This Week’s Book Review – Last Train to Texas

I write a weekly book review for the Daily News of Galveston County. (It is not the biggest daily newspaper in Texas, but it is the oldest.) After my review appears on Sunday, I post the previous week’s review here on Sunday.... [Read More]

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The “Trumpster” was in my home town…

The only problem is my timing. We went to eat at our local watering hole at 4:15, 1615 for the rest of the world and our military friends. We were returning at 5:25, (that’s 1725), or should I say, attempting to return.

Continue reading “The “Trumpster” was in my home town…”

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Mobile Telephones in the 1940s

Starting in 1946, with a pilot program in St. Louis, Missouri, AT&T launched its Mobile Telephone Service (MTS).  By 1948 the service was available in 100 cities and towns and along highway corridors.  The service ran on 25 VHF radio channels, using half-duplex FM; handsets on mobile installations had a push-to-talk button.  All calls were placed through human operators.  Here is a Bell System promotional film from the late 1940s about the wonders of mobile telephony and how it worked.

... [Read More]

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This Looks Like Fun

It’s called Seabreacher, a two-person semi-submersible water craft with a top speed of 100 km/hour on the surface and 40 km/hour underwater.  It can dive up to 1.5 metres beneath the surface for as long as 30 seconds.  With a sharp pull-up, it can “breach” out of the water as high as 6 metres.  Side sticks provide full three-axis control, and rolls can be performed.... [Read More]

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Getting Around in Thailand: The Night Bus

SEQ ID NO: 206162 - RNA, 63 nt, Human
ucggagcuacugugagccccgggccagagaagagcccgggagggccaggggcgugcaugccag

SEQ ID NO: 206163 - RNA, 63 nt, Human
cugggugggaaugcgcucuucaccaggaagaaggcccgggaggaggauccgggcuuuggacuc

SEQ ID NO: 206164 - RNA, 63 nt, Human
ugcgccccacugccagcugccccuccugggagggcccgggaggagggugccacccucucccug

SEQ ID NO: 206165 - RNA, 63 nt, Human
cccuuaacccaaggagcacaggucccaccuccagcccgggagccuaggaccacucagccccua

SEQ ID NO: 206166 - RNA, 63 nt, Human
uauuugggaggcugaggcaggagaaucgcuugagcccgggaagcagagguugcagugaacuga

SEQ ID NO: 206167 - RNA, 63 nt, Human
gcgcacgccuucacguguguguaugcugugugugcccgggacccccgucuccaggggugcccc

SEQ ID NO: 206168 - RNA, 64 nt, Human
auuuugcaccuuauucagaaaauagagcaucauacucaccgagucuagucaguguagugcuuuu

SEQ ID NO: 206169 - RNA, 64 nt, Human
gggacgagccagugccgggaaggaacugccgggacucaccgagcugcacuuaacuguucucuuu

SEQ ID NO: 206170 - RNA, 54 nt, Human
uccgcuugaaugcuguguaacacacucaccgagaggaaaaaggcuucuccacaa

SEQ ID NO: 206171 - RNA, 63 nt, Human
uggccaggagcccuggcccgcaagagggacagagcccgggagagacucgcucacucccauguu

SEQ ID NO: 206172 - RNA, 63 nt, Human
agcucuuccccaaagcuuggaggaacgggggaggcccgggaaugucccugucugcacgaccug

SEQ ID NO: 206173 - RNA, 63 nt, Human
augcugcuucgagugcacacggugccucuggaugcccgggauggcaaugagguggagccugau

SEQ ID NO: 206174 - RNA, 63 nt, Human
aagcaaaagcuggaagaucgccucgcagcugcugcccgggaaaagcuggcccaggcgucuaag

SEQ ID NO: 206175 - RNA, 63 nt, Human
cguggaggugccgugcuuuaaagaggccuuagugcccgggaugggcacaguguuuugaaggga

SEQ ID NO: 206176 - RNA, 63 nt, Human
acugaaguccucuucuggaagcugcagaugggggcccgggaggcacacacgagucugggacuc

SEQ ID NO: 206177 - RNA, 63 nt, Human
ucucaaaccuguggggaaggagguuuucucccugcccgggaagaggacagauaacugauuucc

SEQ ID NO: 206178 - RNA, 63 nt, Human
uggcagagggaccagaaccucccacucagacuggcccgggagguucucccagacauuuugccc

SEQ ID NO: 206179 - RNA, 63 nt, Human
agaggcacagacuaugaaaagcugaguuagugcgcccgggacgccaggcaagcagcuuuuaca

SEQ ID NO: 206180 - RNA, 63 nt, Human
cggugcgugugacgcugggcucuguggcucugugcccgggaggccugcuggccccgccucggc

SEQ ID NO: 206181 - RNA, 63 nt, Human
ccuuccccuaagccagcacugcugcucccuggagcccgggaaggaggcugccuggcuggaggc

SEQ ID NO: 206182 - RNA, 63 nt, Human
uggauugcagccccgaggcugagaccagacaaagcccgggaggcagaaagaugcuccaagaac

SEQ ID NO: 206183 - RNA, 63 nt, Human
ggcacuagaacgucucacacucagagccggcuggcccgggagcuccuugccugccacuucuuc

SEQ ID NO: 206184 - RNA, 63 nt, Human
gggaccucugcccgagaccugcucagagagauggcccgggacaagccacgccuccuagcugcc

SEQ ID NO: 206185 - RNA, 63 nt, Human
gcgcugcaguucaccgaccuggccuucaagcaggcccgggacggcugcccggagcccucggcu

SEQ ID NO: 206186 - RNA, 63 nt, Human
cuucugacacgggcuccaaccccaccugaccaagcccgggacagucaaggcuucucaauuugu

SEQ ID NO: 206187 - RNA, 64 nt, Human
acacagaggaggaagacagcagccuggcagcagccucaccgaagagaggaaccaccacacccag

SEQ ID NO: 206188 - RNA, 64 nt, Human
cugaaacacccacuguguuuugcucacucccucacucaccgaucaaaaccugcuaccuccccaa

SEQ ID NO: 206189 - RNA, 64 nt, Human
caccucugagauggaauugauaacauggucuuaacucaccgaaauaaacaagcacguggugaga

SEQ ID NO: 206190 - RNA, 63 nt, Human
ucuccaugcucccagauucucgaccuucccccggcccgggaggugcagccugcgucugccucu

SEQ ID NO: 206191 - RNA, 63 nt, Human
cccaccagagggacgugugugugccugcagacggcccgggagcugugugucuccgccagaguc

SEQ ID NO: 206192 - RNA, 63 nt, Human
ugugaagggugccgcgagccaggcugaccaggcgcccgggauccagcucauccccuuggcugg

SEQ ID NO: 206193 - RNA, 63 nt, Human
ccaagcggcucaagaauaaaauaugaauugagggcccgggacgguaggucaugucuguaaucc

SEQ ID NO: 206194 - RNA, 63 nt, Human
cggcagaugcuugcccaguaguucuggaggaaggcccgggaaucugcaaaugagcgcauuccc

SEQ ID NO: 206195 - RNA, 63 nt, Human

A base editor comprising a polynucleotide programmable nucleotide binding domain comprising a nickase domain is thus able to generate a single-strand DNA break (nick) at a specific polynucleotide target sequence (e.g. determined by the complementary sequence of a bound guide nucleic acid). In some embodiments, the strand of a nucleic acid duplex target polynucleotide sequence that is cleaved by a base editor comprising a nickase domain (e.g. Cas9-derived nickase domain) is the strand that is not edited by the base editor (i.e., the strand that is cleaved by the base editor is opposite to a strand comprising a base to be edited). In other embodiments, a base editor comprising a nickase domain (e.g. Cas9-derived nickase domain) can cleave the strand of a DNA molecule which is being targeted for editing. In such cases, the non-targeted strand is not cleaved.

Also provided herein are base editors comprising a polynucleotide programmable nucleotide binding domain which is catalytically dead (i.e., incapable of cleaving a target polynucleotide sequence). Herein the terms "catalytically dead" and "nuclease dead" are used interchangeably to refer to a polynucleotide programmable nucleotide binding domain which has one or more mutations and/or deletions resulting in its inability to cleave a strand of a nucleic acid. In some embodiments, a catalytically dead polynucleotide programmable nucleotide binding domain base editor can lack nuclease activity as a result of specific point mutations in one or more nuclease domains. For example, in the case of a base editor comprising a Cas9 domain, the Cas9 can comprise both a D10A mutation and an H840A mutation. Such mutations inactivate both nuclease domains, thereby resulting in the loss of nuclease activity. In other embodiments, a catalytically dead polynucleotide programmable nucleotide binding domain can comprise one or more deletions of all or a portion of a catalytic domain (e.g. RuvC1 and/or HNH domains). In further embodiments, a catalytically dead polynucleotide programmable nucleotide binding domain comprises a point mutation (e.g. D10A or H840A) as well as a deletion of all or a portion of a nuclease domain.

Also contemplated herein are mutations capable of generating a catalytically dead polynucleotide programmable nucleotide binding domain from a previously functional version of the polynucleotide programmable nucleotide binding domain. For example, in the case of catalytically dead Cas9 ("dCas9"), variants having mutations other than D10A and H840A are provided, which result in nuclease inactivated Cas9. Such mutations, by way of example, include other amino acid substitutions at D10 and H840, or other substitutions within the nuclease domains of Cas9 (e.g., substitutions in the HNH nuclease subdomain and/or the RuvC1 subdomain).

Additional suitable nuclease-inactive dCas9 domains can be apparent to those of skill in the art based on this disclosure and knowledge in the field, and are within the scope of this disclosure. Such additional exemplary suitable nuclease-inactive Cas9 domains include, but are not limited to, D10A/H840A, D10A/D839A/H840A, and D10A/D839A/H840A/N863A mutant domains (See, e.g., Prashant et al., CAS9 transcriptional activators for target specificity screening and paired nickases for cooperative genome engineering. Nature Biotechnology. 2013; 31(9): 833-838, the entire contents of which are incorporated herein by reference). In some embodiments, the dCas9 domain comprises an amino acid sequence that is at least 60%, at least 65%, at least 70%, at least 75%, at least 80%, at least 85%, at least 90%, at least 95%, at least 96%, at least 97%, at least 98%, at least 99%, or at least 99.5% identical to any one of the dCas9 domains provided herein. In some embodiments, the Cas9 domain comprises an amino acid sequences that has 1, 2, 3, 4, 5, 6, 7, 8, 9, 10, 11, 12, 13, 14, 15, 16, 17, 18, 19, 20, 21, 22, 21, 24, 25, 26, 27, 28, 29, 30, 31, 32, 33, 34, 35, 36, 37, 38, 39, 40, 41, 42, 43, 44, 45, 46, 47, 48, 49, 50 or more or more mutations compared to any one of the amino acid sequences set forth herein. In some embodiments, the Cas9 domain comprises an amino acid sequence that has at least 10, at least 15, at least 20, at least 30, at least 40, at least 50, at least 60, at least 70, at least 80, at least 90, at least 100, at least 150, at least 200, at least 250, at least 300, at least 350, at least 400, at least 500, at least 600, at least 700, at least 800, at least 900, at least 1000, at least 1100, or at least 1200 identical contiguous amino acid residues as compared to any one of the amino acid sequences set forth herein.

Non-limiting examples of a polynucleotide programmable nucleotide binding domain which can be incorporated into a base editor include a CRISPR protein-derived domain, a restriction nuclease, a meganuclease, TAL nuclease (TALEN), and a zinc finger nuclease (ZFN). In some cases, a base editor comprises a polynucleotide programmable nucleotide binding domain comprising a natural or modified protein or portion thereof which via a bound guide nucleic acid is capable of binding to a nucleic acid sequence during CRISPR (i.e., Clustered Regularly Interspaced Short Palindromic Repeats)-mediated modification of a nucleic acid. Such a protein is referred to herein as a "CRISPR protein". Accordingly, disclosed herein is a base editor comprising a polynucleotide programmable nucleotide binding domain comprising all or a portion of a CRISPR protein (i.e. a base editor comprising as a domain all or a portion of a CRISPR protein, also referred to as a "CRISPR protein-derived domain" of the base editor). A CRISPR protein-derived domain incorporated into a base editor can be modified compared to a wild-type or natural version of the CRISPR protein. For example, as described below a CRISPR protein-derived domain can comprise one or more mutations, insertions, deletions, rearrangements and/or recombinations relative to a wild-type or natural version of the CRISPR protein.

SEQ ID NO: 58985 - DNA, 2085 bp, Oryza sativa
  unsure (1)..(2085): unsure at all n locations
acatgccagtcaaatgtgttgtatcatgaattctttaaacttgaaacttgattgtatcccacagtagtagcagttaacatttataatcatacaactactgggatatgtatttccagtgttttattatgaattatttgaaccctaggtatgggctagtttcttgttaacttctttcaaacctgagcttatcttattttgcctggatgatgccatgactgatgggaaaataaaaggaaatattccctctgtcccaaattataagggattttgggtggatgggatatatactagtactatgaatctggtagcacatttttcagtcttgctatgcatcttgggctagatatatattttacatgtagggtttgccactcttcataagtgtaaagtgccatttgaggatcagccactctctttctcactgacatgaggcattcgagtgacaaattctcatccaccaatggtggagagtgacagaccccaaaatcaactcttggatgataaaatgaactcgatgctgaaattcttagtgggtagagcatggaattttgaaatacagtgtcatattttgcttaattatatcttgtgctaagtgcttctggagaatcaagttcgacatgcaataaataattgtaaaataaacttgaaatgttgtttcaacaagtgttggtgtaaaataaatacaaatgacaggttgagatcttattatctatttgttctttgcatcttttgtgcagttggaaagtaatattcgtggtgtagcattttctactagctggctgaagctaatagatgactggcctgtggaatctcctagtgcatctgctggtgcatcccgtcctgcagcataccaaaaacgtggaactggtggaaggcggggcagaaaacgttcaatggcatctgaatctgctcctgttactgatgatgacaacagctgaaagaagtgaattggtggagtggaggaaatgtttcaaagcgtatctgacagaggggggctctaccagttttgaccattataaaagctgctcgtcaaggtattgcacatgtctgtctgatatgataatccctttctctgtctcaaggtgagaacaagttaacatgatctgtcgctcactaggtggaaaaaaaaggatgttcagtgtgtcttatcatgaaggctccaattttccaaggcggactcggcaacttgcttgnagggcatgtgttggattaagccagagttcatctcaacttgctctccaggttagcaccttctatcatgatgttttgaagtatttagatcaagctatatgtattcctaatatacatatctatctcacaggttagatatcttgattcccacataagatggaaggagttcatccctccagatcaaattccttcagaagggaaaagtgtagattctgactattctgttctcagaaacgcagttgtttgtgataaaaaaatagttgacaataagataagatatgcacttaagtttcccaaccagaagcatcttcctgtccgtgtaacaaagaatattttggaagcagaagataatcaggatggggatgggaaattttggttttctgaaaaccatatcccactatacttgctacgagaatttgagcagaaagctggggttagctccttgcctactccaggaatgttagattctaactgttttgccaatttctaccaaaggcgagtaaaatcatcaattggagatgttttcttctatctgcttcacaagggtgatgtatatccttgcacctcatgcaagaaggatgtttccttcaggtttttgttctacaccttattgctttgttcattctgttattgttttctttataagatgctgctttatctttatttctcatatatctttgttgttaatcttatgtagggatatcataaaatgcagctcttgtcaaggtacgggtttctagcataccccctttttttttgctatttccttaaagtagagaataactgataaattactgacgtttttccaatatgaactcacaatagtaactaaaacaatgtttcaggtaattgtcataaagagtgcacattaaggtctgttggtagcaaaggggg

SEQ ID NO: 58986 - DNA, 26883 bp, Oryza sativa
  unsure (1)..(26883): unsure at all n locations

You haven’t lived until you’ve boarded a bus at sunset and trundled through the night to arrive at your destination just after sunrise. Those hot towels the attendant distributes with tongs at six a.m. make it worth the long hours, the bleariness, and the cheap comedies played on the television up front.

No, really. These were special trips.

Because there were two kinds of buses. You could take an orange bus—an “orange crush bus,” as one of the missionaries called it. Any time we did opt for this probably inexpensive Continue reading “Getting Around in Thailand: The Night Bus”

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Tesla Melts Up

Bubble popping cartoonTesla, Inc. (TSLA:NASDAQ), as I noted in a comment a few days ago, then had market capitalisation (stock price times number of shares outstanding) more than three times that of Ford Motor Company (F:NYSE), despite Ford’s revenues being more than seven times those of Tesla and Ford’s FY 2018 earnings of US$ 3.7 billion being somewhat greater than Tesla’s loss of US$ 69 million for FY 2019.

What a difference a few days make!  There now appears to be a cataclysmic short squeeze and/or buying panic in Tesla stock.  Here is a ten minute chart for the last few days.... [Read More]

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Saturday Night Science: Sonic Wind

“Sonic Wind” by Craig RyanPrior to the 1920s, most aircraft pilots had no means of escape in case of mechanical failure or accident. During World War I, one out of every eight combat pilots was shot down or killed in a crash. Germany experimented with cumbersome parachutes stored in bags in a compartment behind the pilot, but these often failed to deploy properly if the plane was in a spin or became tangled in the aircraft structure after deployment. Still, they did save the lives of a number of German pilots. (On the other hand, one of them was Hermann Göring.) Allied pilots were not issued parachutes because their commanders feared the loss of planes more than pilots, and worried pilots would jump rather than try to save a damaged plane.